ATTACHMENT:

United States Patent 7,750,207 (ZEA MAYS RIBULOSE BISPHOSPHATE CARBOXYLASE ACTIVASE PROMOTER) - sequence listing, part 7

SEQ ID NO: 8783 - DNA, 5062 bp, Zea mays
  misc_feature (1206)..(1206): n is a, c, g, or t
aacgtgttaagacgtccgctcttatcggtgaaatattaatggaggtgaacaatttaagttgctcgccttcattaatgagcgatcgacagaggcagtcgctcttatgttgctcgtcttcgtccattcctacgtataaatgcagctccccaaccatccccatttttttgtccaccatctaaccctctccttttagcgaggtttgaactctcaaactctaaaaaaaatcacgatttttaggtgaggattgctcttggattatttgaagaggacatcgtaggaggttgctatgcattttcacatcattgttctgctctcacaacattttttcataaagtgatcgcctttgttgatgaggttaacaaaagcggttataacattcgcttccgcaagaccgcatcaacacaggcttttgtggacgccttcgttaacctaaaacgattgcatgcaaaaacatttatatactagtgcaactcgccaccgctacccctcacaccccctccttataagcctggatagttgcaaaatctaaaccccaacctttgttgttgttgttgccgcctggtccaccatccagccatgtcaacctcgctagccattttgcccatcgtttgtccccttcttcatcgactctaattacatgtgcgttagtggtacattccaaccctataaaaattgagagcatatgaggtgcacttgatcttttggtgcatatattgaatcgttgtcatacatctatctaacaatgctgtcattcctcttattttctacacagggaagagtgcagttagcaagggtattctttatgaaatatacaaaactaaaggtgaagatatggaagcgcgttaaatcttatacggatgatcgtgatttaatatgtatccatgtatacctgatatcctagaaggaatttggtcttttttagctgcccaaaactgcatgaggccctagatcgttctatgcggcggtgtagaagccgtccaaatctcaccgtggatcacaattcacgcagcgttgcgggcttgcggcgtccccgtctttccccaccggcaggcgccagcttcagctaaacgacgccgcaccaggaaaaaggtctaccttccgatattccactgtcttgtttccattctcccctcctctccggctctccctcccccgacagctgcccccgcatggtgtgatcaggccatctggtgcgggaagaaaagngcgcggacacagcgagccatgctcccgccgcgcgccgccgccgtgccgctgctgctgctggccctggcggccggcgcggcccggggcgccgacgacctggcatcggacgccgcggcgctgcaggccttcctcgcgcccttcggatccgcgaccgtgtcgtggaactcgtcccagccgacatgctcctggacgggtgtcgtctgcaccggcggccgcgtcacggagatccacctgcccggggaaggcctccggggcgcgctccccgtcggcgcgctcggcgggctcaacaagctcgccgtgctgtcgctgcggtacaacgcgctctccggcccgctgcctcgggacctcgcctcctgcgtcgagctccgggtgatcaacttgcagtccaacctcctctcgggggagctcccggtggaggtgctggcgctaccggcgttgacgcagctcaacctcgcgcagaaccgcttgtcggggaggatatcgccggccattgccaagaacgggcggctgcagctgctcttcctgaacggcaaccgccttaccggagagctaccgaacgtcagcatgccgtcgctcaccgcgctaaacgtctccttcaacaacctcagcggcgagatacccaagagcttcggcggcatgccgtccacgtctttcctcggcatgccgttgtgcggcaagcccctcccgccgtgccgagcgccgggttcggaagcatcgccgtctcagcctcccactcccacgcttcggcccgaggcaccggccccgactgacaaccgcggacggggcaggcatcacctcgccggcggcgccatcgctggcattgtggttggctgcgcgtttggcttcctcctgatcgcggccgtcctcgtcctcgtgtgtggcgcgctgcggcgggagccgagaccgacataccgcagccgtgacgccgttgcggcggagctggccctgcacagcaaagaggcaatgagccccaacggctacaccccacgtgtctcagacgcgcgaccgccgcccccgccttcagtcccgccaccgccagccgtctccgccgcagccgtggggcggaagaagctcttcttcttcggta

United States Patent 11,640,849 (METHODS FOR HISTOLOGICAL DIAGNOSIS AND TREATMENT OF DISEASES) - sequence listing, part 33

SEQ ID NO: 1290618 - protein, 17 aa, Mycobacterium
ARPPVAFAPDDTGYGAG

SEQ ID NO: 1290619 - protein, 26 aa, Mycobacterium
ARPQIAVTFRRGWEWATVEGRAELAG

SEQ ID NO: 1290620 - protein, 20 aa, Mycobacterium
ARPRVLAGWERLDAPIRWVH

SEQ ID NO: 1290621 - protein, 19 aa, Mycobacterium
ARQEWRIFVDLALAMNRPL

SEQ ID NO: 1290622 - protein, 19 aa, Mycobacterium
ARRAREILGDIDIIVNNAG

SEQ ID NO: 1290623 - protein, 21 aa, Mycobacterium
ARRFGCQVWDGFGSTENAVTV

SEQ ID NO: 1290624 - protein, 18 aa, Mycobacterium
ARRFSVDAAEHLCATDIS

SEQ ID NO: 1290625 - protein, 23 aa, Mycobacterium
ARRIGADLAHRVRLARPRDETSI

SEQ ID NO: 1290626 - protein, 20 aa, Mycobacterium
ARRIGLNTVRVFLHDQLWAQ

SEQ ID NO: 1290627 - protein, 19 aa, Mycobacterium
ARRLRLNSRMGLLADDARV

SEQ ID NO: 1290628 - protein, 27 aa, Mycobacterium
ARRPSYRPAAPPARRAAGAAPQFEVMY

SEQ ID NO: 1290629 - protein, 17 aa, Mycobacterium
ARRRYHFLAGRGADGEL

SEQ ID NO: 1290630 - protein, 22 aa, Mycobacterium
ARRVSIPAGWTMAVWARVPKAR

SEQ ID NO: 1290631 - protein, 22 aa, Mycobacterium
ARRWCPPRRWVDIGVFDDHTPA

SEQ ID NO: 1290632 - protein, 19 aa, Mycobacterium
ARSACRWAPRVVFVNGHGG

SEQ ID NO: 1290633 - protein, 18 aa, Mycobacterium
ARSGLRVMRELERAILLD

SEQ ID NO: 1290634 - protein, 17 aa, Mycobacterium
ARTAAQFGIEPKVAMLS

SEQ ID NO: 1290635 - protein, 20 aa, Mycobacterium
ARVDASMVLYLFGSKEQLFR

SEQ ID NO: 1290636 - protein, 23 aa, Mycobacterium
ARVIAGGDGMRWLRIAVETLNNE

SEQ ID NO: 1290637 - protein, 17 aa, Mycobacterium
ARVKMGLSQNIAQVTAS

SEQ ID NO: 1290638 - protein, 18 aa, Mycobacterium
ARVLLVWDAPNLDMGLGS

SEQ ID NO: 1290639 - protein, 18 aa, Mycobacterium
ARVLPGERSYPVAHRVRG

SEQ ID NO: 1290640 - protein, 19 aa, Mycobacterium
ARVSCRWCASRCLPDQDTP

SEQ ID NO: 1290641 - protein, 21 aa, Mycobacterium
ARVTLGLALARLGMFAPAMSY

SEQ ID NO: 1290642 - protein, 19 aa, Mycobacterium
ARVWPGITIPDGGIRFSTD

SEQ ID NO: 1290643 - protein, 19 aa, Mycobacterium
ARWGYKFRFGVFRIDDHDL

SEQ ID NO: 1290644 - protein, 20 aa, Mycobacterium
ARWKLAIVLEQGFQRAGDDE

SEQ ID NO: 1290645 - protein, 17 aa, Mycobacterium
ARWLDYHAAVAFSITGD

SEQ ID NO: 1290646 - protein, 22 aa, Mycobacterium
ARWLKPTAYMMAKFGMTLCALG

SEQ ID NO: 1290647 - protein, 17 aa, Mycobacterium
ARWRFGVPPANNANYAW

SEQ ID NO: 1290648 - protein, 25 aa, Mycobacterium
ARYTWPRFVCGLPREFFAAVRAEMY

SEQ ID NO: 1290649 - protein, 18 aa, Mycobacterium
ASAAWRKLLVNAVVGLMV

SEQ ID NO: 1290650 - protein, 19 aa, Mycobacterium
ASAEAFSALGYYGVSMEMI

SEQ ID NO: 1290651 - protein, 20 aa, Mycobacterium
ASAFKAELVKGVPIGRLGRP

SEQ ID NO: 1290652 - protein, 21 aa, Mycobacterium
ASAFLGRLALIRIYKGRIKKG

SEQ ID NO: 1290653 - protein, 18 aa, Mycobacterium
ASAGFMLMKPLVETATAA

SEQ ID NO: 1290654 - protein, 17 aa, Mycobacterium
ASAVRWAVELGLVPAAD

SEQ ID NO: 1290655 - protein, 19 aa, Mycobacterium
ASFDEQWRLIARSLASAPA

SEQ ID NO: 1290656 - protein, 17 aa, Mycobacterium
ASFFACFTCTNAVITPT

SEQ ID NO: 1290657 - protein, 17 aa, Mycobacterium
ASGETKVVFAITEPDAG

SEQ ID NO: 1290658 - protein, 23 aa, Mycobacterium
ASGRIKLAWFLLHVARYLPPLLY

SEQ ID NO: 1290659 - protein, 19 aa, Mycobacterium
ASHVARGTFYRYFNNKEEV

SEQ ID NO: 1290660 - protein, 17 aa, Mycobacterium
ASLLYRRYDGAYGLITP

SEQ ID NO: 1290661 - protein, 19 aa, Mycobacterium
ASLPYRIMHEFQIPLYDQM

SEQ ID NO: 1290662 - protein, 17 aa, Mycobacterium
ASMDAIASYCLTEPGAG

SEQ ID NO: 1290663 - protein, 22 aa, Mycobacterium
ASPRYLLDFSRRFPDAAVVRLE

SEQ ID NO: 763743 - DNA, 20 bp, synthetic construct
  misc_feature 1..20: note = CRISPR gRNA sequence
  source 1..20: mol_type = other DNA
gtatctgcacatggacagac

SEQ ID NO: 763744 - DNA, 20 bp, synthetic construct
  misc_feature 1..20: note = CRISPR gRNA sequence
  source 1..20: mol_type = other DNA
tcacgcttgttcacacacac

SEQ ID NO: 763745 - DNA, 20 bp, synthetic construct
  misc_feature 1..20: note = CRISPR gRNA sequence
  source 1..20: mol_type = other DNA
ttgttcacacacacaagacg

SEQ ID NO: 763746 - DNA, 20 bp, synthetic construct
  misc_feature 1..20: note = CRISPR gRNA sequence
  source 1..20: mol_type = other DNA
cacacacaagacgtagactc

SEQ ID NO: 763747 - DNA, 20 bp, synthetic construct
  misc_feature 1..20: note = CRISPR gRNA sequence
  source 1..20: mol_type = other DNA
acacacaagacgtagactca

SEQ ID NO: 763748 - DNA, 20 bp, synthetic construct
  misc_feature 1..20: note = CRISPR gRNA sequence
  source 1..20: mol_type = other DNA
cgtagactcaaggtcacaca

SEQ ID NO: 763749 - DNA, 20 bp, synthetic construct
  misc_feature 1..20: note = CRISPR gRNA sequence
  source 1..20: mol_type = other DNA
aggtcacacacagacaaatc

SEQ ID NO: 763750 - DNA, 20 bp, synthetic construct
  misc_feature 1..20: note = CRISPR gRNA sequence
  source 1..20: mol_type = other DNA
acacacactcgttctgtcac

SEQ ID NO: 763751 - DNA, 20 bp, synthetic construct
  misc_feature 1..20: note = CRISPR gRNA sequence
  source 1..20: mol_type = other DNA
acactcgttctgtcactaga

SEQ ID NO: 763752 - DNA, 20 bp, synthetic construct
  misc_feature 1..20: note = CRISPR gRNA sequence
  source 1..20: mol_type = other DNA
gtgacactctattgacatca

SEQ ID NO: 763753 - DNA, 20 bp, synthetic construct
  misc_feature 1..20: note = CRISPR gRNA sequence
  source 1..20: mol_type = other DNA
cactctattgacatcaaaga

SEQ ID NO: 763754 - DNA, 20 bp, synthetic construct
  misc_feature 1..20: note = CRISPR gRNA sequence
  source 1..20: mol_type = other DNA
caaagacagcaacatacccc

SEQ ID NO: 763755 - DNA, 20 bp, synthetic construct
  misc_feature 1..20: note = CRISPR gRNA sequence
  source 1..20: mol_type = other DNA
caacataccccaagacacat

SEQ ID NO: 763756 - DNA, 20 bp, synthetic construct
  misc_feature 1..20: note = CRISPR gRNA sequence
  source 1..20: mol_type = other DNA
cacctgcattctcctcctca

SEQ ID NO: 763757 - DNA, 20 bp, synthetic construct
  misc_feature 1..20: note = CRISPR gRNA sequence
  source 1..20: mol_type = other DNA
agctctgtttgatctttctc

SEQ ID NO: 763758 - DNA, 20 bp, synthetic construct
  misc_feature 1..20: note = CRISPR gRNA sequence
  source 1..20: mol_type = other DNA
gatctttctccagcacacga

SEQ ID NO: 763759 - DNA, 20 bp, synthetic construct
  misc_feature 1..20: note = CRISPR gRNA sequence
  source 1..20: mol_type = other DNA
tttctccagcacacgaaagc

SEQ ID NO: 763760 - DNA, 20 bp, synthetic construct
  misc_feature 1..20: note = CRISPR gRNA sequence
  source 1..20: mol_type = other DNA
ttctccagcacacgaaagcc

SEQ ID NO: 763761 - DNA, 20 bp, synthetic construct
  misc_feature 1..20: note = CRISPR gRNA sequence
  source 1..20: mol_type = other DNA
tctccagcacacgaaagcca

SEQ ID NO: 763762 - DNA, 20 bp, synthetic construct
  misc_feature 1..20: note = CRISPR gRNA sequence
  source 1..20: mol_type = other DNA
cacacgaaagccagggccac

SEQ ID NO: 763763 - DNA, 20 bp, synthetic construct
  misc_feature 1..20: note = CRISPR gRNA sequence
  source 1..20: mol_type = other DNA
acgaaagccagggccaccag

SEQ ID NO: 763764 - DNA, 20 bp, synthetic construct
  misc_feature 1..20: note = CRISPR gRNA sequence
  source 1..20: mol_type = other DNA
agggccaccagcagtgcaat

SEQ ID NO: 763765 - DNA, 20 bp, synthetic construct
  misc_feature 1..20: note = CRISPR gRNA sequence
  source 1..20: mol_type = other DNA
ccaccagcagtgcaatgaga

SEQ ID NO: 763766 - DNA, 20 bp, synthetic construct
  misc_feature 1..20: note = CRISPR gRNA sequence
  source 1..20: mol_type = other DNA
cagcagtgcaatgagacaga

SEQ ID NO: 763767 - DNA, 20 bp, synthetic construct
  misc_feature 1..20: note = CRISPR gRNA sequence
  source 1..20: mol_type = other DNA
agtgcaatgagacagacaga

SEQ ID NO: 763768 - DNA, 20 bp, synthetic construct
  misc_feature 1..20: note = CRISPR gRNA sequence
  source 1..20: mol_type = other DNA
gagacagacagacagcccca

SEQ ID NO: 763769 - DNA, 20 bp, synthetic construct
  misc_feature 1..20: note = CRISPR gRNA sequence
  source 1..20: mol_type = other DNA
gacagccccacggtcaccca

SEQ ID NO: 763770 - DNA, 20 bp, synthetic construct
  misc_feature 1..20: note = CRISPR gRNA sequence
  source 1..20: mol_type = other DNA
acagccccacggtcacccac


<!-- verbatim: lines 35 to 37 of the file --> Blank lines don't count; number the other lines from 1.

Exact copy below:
ARSACRWAPRVVFVNGHGG

SEQ ID NO: 1290633 - protein, 18 aa, Mycobacterium
ARSGLRVMRELERAILLD